I am trying to answer Question 3(e) in Exercise 1.2 of Huth and Ryan's Logic in Computer Science book for revision and I am stuck on it. The question asks you to prove the validity of the following sequent:

$\neg(P \to Q) \vdash Q \to P$

Any help would be appreciated.

  • $\begingroup$ Can you prove it informally? $\endgroup$ – Git Gud May 26 '16 at 8:41
  • $\begingroup$ I can understand why it makes sense informally, but I have no idea how to actually write that out formally $\endgroup$ – lessthanmediocre May 26 '16 at 8:44
  • $\begingroup$ OK. Here's an idea. You start by assuming the LHS holds, then start a subproof with $Q$ as a premise. From here my hint is this: prove $P\to Q$ within this subproof. $\endgroup$ – Git Gud May 26 '16 at 8:46
  • 1
    $\begingroup$ That's fine. Now maybe change your name to atleastmediocre and find alternative proofs. It's unlikely that the informal proof you had in mind looks like this. Try to formalize the informal proof you thought of. $\endgroup$ – Git Gud May 26 '16 at 9:27
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    $\begingroup$ @DougSpoonwood Your alternative totally escaped me. Now it's natural to me too. $\endgroup$ – Git Gud Sep 24 '16 at 14:26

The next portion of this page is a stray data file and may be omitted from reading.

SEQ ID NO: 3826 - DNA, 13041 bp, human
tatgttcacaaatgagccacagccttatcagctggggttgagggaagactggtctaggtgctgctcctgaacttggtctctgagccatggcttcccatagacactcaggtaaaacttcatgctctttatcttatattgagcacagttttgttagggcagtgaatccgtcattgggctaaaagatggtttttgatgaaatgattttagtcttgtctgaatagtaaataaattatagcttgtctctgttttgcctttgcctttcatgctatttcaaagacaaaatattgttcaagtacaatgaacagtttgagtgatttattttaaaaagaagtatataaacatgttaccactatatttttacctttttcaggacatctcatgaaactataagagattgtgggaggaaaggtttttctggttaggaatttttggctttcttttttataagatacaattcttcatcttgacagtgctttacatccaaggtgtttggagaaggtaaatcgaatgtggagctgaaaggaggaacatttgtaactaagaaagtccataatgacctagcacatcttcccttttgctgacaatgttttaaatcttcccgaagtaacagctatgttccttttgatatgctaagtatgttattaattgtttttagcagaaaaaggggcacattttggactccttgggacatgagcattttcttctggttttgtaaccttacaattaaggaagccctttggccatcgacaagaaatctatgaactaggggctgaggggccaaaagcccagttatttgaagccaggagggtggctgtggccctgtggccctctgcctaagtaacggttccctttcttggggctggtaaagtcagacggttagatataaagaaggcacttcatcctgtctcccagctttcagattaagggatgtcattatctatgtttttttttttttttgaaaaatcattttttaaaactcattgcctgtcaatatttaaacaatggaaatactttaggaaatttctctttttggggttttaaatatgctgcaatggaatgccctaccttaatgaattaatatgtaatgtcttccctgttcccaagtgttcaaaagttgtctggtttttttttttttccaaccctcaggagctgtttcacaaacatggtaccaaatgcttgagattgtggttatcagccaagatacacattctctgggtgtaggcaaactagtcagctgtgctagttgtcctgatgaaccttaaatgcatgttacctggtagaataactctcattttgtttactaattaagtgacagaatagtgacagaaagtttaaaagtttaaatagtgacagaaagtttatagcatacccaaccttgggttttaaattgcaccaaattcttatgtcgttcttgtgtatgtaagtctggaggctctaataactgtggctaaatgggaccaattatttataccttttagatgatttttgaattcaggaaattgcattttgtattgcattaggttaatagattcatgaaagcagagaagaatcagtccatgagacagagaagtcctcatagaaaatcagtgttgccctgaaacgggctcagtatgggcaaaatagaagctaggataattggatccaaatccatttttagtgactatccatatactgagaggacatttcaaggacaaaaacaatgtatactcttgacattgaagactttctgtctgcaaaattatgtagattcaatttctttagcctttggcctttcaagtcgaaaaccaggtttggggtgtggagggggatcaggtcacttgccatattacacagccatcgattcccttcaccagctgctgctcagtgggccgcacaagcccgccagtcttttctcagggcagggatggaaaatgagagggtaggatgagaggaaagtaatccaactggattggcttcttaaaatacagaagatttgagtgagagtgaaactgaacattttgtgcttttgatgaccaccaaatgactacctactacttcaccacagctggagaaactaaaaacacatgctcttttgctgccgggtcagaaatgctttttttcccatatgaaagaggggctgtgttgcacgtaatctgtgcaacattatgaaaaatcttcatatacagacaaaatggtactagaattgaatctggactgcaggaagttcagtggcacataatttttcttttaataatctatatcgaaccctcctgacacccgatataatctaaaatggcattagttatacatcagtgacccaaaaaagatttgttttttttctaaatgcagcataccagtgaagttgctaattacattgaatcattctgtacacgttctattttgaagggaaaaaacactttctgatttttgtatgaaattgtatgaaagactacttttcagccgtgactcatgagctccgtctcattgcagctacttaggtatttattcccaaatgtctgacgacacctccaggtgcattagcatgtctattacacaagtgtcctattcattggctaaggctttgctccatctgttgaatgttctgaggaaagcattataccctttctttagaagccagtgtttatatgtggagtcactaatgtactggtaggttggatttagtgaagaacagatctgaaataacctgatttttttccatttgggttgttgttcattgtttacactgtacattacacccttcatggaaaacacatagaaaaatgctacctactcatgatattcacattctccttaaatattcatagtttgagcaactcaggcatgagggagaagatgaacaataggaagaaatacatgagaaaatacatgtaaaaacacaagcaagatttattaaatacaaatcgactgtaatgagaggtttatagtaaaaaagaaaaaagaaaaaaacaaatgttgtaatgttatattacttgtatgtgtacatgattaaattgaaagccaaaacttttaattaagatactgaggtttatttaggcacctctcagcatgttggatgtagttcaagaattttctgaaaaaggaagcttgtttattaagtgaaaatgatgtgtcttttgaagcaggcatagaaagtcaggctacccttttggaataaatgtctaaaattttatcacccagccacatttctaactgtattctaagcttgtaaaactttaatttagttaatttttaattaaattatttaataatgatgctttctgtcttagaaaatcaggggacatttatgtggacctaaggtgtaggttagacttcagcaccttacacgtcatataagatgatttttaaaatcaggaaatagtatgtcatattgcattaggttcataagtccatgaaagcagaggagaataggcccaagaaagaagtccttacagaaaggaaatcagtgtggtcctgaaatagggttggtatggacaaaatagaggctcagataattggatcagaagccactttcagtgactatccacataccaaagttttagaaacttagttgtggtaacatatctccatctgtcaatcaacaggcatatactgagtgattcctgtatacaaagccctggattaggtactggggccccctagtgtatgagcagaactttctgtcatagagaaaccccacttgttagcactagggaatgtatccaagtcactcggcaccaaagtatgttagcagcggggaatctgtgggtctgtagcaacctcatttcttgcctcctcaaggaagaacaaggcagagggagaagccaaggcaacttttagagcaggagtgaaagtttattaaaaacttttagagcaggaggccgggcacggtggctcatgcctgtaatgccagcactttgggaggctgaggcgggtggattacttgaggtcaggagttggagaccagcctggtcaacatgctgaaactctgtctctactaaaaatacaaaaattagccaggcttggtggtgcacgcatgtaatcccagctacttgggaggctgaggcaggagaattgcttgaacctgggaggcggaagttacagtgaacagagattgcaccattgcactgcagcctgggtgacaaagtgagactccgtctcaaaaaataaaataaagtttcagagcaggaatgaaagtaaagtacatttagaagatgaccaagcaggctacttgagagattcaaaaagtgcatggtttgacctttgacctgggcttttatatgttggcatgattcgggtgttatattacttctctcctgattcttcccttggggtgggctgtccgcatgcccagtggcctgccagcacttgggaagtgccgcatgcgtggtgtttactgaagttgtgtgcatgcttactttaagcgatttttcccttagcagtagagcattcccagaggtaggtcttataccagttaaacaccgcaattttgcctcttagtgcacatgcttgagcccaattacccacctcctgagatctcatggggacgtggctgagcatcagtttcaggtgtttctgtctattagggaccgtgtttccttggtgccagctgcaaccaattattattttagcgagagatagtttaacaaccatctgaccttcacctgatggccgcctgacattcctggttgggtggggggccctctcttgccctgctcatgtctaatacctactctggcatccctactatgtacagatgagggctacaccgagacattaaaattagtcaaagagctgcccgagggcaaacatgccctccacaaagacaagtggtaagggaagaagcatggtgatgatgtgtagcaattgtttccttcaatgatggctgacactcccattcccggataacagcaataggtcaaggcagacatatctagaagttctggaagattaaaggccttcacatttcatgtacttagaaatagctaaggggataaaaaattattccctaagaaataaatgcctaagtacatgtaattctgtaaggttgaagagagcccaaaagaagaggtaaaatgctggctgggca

1) $\lnot (P \to Q)$ --- premise

2) $Q$ --- assumed [a]

3) $P \to Q$ --- from 2) by $\to$-intro

4) $\bot$ --- contradiction from 1) and 3)

5) $P$ --- from 4) by $\bot$-eim

6) $Q \to P$ --- from 2) and 5) by $\to$-intro, discharging [a].


Following the nomenclature as demonstrated in the solutions of your book (this particular question is not included, so this is not plagiarism):

1. ¬(P→Q)  assumption
  2. Q     assumption
    3. P   assumption
    4. Q   copy 2
  5. P→Q   →i 3-4
  6. ⊥     ¬e 5 1
  7. P     ⊥e 6
8. Q→P     →i 2-7

Where it used boxes, I used indentation. I won't draw boxes. I simply refuse to do so.


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